Airlines today want their planes to be more like a van or a large SUV — they don’t necessarily care about the airplane being compact as long as it has as many seats as possible.
On average, airplanes had 106.5 seats per departure in 2015, compared to 95 in 2012, and airports have to make sure they can accommodate larger liners, said Skip Miller, executive director of Louisville Regional Airport Authority during Thursday’s Rotary Club of Louisville luncheon.
Every five years or so, the airline industry evolves, Miller said, and airports need to be ready to evolve with them. The Louisville Regional Airport Authority currently is investing roughly a $9.5 million to remodel the airport.
“About every five years, we reinvent the business,” he said.
The airport authority recently contracted Maryland-based restaurant company HMSHost and Atlanta-based retail company Paradies-Louisville II to revamp the food and retail options. The two companies collectively will invest another $8 million.
The renovations include the local restaurants such as The Comfy Cow and Coals Artisan Pizza as well as stores with local flavor such as the Kentucky Bourbon Trail gift shop and Distillery District Marketplace. The airport also is getting a Brooks Brothers store.
The aim of the upgrades is to show off Louisville’s character. “We are the front door of the community for people coming in,” he said.
After the seeing many other airline companies die off — Miller pointed out that only four of the airlines in operation in 1978 are around today — airlines are adapting to attract passengers, turn a profit and even give dividends to shareholders.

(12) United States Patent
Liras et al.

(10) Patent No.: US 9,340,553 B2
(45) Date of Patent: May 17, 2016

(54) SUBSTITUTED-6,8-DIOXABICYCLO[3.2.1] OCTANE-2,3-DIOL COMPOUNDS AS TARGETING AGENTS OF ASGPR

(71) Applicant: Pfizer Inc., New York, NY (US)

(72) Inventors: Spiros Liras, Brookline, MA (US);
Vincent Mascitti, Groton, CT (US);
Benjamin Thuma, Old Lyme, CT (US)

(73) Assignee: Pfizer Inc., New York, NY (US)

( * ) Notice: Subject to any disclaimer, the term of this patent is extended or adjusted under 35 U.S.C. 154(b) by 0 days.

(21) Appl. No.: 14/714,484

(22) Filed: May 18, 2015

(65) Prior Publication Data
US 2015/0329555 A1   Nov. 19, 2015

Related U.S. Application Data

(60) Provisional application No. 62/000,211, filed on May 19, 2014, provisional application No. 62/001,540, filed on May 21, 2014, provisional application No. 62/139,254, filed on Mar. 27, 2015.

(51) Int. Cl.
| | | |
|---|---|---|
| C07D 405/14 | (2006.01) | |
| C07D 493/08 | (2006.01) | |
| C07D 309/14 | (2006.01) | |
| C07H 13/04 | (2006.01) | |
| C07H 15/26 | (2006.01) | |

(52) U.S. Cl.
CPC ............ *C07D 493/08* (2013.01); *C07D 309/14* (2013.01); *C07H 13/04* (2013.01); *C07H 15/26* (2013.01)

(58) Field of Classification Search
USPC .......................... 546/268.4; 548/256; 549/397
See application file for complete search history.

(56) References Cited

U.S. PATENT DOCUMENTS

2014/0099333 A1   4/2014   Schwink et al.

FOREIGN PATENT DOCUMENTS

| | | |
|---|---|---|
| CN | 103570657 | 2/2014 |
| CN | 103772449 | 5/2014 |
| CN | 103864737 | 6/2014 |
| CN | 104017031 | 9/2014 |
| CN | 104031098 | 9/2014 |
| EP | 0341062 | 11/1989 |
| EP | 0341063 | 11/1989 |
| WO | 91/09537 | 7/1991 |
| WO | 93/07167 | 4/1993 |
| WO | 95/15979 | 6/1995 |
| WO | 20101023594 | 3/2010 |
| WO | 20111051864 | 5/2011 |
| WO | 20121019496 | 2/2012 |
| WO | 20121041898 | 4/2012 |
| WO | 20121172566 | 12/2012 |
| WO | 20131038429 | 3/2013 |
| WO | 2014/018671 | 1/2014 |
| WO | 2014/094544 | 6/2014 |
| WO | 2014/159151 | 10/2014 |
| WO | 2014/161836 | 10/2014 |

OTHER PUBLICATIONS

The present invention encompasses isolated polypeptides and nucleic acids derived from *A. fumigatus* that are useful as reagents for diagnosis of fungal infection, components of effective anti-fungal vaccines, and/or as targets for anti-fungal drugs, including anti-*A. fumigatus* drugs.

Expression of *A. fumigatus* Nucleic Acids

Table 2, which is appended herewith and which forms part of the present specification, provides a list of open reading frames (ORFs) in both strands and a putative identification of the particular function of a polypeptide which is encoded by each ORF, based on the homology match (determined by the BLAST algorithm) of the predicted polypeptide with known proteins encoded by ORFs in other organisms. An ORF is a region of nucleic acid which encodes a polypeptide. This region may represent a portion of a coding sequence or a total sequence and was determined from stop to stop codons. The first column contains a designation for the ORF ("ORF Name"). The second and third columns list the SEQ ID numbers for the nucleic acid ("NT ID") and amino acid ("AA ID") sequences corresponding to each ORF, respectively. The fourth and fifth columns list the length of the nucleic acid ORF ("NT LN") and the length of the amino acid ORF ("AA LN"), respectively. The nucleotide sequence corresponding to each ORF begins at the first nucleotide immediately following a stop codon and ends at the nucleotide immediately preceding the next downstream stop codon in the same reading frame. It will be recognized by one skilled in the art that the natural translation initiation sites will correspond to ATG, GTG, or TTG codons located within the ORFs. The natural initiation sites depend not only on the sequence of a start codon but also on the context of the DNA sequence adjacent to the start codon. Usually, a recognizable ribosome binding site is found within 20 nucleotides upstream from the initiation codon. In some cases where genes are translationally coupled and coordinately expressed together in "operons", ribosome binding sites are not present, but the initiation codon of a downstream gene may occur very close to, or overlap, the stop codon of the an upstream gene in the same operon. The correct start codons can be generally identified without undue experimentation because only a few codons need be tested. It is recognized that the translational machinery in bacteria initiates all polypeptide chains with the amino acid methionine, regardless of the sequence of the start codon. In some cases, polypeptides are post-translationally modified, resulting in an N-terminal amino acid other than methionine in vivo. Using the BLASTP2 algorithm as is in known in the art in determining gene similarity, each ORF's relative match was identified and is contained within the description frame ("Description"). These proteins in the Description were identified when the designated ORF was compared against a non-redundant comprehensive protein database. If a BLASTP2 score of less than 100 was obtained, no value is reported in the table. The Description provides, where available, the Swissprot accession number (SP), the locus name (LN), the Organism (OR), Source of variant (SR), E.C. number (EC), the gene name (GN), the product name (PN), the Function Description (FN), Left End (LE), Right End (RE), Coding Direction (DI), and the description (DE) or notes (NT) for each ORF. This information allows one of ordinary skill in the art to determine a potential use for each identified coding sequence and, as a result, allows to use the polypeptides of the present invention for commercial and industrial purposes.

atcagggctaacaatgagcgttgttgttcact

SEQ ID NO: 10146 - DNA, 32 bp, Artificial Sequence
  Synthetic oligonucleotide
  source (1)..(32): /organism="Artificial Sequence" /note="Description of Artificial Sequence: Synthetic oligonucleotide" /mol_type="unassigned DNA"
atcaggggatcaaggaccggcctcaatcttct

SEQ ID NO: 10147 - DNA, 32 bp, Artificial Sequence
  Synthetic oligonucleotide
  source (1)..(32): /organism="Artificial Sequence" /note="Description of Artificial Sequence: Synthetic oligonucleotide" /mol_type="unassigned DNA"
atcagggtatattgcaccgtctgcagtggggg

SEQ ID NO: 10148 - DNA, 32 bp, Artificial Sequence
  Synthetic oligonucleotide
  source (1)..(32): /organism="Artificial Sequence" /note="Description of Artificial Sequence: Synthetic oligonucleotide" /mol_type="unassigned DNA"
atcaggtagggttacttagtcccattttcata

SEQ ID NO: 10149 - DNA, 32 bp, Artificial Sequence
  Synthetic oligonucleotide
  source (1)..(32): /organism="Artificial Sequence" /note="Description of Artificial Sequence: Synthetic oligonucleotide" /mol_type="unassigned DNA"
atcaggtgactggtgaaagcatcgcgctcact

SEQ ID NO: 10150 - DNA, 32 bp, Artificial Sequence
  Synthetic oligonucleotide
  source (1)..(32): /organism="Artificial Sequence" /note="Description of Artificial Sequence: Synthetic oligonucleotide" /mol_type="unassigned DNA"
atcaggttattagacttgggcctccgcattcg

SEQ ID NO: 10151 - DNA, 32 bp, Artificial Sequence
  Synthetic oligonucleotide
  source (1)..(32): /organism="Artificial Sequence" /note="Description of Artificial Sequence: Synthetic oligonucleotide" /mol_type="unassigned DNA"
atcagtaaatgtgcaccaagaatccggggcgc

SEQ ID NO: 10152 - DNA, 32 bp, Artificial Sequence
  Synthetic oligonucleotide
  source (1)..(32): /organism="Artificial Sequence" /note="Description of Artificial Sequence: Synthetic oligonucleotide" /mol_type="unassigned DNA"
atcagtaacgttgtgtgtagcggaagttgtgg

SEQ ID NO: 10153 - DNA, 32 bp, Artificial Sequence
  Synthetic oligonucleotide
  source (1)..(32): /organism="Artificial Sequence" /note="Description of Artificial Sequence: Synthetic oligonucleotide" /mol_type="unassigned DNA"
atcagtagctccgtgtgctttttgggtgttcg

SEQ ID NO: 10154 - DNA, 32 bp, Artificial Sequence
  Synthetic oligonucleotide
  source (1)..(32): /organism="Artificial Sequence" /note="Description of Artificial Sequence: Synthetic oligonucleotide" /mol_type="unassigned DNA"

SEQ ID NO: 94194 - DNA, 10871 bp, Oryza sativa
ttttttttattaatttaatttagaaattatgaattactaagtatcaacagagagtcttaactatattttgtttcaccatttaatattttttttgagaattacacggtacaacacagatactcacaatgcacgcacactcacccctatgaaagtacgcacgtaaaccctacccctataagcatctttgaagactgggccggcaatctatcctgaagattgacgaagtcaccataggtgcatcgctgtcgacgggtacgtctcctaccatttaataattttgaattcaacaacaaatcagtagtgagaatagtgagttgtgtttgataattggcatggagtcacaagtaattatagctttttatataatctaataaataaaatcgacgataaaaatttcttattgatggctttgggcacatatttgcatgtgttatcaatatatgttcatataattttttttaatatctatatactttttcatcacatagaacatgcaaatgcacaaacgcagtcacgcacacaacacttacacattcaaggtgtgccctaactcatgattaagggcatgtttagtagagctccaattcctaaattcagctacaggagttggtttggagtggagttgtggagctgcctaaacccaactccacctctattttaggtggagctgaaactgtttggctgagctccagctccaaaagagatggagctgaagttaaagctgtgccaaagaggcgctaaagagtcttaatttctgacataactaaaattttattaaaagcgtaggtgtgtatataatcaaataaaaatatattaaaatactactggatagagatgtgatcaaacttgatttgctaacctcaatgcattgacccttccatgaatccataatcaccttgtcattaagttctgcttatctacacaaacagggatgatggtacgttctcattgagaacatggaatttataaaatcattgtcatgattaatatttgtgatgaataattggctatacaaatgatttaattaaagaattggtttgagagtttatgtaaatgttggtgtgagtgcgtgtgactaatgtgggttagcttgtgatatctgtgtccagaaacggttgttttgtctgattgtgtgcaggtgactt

“Now, they worry about growing revenue just like the rest of us,” Miller said, adding that previous airlines cared more about market share, which didn’t necessarily translate to high profitability.
A major change is the de-bundling of services, with airlines offering fewer perks for less money. Customers now have the option of choosing their amenities such as on-board meals, extra leg room, preferred seating and prior security screenings to avoid potentially long TSA lines. The de-bundling has done wonders for airlines’ bottom lines, Miller said, noting that the industry pulled in $23.7 billion in revenue in the United States from such ancillary services.
The decline of fuel prices also has helped. Previously, fuel costs comprised 34 percent of airline companies’ expenditures. Now, it is 23 percent, according to Miller.
“That has helped profitability tremendously,” he said.
Airlines also are continuing to explore adding new flights, but it is difficult to find profitable ones, Miller said. “It’s like looking for a needle in a haystack because the business is very mature.”
The flights that leave the Louisville airport are nearly evenly split between Southwest Airlines, American Airlines and Delta Air Lines. The competition, Miller said, offers travelers out of Louisville lower than average fares and a choice of airlines.
Miller wasn’t hopeful that the city would necessary get flights to any new cities, but service is improving in other ways. Southwest Airlines is bringing in larger planes to fit more flyers; American Airlines is adding a nonstop flight to New York City. Miller also mentioned the possibility of having Saturday-only flights to popular vacation spots to accommodate vacation travelers.
The airport authority regularly checks in with airlines including smaller ones like Allegiant Air that offers cheap flights at Lexington and Cincinnati’s airports.
“We stay in contact with all the carriers. That’s just a matter of course, just to see if there is any opportunities to bring new carriers, new service in,” Miller said. “We do that every day. It’s just getting harder and harder to do that because there are fewer carriers.”
The airport offers 20 nonstop flights and one-stop flight to 176 destinations around the world. However, people regularly joked that the only way to get a direct flight out of Louisville is in a United Parcel Service box, and business leaders have raised concerns that the limited number of nonstop flights may hurt the city’s economic development efforts.
“You’ll never get everybody satisfied,” Miller said.